Pub Rants

Category: Agent Kristin

Scammers That Scam Together…

STATUS: TGIF! The week ended way better than it started. I have one project that’s garnering lots of editor attention. Love that.

What’s playing on the iPod right now? FASCINATION STREET by The Cure

Of course I had to go and research David Kuzminski’s cryptic comment in yesterday’s comment thread to click here if I wanted a good laugh.

But nothing prepared me for the sheer hilarity of scammers and fee-charging agents banding together to pretend they’re legitimate.

I even love their new organizational title: The International Independent Literary Association and yet not one of the agencies listed there is international. Perhaps they are just being optimistic for new members?

But my favorite part? The link that says Retainer Fee—To Pay or Not to Pay.

There they clearly spell out that it is a common misconception that reputable agents do not charge fees.

Eyebrow raise.

But it gets even better, they admit that reading and evaluation fees are still a big NO but retainer fees are the new black. After all, you’d expect to pay one when hiring an attorney, so why not for hiring an agent? In fact, according to them, this is now the case for literary agents.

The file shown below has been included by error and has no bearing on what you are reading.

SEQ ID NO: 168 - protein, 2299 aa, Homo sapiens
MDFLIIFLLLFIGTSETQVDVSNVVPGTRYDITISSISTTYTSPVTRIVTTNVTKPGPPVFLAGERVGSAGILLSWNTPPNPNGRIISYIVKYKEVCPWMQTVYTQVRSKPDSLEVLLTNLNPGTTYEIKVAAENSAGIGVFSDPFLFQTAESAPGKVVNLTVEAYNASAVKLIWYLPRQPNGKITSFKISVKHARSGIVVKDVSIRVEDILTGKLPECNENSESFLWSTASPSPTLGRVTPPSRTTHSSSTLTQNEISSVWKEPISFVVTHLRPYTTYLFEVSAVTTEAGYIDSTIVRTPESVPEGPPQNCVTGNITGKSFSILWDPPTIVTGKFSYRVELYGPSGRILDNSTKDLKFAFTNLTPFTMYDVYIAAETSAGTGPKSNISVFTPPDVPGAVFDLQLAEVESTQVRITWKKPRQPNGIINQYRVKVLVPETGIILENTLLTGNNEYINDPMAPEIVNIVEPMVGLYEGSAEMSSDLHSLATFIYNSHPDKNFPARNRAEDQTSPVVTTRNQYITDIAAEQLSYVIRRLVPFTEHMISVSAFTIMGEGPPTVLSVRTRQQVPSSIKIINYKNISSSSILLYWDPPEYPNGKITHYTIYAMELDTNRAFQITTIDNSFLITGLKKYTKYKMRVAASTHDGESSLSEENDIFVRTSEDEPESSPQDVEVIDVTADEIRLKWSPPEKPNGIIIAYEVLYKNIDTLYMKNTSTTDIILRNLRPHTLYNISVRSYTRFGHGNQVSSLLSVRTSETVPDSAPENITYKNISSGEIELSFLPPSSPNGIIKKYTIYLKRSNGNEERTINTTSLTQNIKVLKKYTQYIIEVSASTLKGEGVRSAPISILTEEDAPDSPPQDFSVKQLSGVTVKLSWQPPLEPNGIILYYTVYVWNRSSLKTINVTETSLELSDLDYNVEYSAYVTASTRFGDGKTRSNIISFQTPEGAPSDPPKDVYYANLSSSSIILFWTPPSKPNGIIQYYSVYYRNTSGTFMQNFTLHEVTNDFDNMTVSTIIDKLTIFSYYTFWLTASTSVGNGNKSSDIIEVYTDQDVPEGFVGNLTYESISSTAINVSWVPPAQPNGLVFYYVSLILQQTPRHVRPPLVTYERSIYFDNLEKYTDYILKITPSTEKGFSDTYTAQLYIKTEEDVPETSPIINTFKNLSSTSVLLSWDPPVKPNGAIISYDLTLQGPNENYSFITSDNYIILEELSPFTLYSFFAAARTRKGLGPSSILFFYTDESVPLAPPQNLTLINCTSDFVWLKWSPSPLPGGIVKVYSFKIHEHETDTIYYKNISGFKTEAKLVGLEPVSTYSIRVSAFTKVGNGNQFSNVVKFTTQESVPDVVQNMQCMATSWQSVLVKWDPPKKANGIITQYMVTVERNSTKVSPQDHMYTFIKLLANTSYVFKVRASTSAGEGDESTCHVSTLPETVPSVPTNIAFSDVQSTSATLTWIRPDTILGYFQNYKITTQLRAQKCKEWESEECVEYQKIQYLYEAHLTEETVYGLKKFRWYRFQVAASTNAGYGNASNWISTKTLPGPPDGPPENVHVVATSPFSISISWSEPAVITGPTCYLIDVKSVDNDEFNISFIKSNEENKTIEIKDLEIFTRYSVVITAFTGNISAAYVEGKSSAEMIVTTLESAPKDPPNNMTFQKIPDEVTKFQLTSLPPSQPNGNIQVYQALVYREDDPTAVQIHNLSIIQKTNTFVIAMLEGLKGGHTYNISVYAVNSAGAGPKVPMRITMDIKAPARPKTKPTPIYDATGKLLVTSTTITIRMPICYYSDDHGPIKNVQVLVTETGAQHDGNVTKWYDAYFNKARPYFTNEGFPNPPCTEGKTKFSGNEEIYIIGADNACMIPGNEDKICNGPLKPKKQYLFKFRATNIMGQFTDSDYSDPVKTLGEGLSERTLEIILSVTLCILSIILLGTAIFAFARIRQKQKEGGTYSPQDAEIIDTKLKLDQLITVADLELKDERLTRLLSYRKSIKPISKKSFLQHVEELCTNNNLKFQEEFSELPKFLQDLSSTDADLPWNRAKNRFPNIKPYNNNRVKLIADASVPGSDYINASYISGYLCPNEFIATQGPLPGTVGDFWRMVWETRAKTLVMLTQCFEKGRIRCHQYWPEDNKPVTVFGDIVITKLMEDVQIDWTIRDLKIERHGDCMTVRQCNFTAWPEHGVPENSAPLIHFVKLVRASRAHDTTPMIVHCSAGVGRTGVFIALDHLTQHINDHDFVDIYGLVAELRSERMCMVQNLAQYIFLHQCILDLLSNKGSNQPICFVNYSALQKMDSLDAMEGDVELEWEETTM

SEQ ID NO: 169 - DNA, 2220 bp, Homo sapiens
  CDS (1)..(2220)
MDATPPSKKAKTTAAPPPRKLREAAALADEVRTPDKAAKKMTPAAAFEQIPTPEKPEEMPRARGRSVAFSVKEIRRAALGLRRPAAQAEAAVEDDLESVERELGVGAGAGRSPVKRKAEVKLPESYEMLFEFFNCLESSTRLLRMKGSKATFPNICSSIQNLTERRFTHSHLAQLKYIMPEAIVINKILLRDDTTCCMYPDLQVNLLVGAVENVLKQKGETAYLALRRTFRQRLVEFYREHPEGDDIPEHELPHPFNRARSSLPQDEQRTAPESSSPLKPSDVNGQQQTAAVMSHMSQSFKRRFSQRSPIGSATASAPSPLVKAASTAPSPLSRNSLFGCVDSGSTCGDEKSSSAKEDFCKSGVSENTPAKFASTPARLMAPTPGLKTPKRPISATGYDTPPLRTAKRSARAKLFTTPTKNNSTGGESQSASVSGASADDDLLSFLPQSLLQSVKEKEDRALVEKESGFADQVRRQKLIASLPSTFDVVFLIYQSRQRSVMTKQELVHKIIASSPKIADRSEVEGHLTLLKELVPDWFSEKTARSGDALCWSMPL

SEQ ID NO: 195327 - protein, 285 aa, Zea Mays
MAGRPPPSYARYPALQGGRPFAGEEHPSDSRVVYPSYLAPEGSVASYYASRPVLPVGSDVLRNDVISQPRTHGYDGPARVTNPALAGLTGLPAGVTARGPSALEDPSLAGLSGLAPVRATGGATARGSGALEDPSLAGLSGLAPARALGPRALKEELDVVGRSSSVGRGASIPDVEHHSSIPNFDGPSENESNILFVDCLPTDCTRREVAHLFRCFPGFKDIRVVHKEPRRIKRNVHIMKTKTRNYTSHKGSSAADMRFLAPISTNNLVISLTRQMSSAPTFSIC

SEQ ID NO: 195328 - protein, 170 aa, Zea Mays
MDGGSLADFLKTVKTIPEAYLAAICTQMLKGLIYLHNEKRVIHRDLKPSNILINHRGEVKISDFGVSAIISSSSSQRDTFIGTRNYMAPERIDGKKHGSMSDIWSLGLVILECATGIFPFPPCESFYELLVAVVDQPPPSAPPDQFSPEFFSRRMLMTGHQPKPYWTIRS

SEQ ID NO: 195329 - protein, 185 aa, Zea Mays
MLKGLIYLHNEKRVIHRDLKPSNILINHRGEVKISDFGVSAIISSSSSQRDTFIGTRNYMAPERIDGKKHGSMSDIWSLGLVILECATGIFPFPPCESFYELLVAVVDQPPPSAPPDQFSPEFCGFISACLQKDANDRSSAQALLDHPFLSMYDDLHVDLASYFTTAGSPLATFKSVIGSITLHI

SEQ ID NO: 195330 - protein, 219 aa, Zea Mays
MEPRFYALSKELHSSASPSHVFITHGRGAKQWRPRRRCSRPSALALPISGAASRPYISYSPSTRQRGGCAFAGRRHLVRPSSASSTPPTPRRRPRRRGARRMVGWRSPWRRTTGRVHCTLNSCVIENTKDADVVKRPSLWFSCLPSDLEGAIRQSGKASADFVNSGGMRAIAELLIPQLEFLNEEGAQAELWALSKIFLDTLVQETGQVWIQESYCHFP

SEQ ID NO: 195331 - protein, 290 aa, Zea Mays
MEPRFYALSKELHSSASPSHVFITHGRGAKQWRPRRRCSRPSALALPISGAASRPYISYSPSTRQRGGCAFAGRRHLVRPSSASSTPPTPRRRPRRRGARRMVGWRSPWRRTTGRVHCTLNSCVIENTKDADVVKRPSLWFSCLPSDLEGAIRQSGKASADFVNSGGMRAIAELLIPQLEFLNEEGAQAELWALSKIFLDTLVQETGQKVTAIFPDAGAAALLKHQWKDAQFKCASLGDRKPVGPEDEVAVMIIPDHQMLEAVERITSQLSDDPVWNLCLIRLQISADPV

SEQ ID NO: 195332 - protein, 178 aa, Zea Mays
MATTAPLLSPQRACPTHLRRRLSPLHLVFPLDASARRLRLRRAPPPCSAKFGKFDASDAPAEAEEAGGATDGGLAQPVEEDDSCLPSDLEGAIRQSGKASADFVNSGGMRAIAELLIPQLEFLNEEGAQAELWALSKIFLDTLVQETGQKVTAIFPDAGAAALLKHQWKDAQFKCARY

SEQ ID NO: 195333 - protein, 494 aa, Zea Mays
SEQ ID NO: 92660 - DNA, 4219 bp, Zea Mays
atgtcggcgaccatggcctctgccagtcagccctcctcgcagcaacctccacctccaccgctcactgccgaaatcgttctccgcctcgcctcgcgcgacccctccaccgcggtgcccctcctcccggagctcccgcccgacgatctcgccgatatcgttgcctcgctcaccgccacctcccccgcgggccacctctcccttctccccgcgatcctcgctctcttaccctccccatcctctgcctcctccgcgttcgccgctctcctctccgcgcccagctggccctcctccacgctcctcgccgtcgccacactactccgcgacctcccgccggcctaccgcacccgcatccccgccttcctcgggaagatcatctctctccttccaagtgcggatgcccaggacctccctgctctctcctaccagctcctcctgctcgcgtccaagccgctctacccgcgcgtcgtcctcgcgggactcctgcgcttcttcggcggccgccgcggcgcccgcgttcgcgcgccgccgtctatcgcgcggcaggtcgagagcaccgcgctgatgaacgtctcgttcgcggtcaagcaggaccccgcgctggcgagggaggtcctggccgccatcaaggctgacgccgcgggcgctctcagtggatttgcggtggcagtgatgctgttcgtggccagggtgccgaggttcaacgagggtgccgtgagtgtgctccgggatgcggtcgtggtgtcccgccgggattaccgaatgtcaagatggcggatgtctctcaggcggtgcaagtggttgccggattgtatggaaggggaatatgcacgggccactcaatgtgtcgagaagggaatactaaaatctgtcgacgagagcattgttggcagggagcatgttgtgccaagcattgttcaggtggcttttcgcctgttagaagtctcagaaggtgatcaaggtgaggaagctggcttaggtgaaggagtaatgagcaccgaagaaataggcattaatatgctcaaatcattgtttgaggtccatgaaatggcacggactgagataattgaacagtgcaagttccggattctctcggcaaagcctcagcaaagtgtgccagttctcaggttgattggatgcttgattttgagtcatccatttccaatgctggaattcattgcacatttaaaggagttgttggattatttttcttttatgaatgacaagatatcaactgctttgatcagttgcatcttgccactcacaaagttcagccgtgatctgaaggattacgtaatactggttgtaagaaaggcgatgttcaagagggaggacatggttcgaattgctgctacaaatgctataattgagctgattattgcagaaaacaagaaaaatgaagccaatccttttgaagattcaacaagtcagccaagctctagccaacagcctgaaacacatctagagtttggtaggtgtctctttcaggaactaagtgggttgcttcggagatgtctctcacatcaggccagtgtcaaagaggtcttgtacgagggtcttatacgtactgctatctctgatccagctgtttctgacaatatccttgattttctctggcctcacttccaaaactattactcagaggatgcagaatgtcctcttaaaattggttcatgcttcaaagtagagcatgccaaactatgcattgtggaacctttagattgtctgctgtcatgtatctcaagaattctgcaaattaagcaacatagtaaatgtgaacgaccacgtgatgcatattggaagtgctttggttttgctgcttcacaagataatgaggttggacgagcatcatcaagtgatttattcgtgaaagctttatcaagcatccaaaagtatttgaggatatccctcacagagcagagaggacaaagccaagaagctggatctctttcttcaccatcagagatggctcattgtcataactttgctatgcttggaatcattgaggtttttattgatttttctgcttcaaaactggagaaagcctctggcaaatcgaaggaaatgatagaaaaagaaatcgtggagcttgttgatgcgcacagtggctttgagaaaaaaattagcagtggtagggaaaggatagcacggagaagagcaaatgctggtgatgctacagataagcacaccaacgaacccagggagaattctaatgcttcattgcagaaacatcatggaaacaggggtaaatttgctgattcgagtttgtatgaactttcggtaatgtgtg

News to me!

They even outright say that it’s okay as long as the retainer fee is for a reasonable amount.

Right. I’d like to know what constitutes a reasonable amount.

Folks. Repeat after me. Legitimate agents sell books to make money. To publishers who pay advances and royalties for the privilege.

They don’t charge money upfront (call it retainer, reading, submission, evaluation or whatever).

Why? Because if you actually sell books, you make money. There’s no need to charge fees.

And I also want you to go to the Association of Authors’s Representatives web page right now (of which I am a member). Give it a good look.

Now click on the Canon of Ethics. A set of ethical guidelines agents must adhere to in order to be a member.

See item 8? It clearly states that charging clients is subject to serious abuse that reflects adversely on our profession. Now, the problem is that the AAR only highlights fees for reading and evaluating literary works.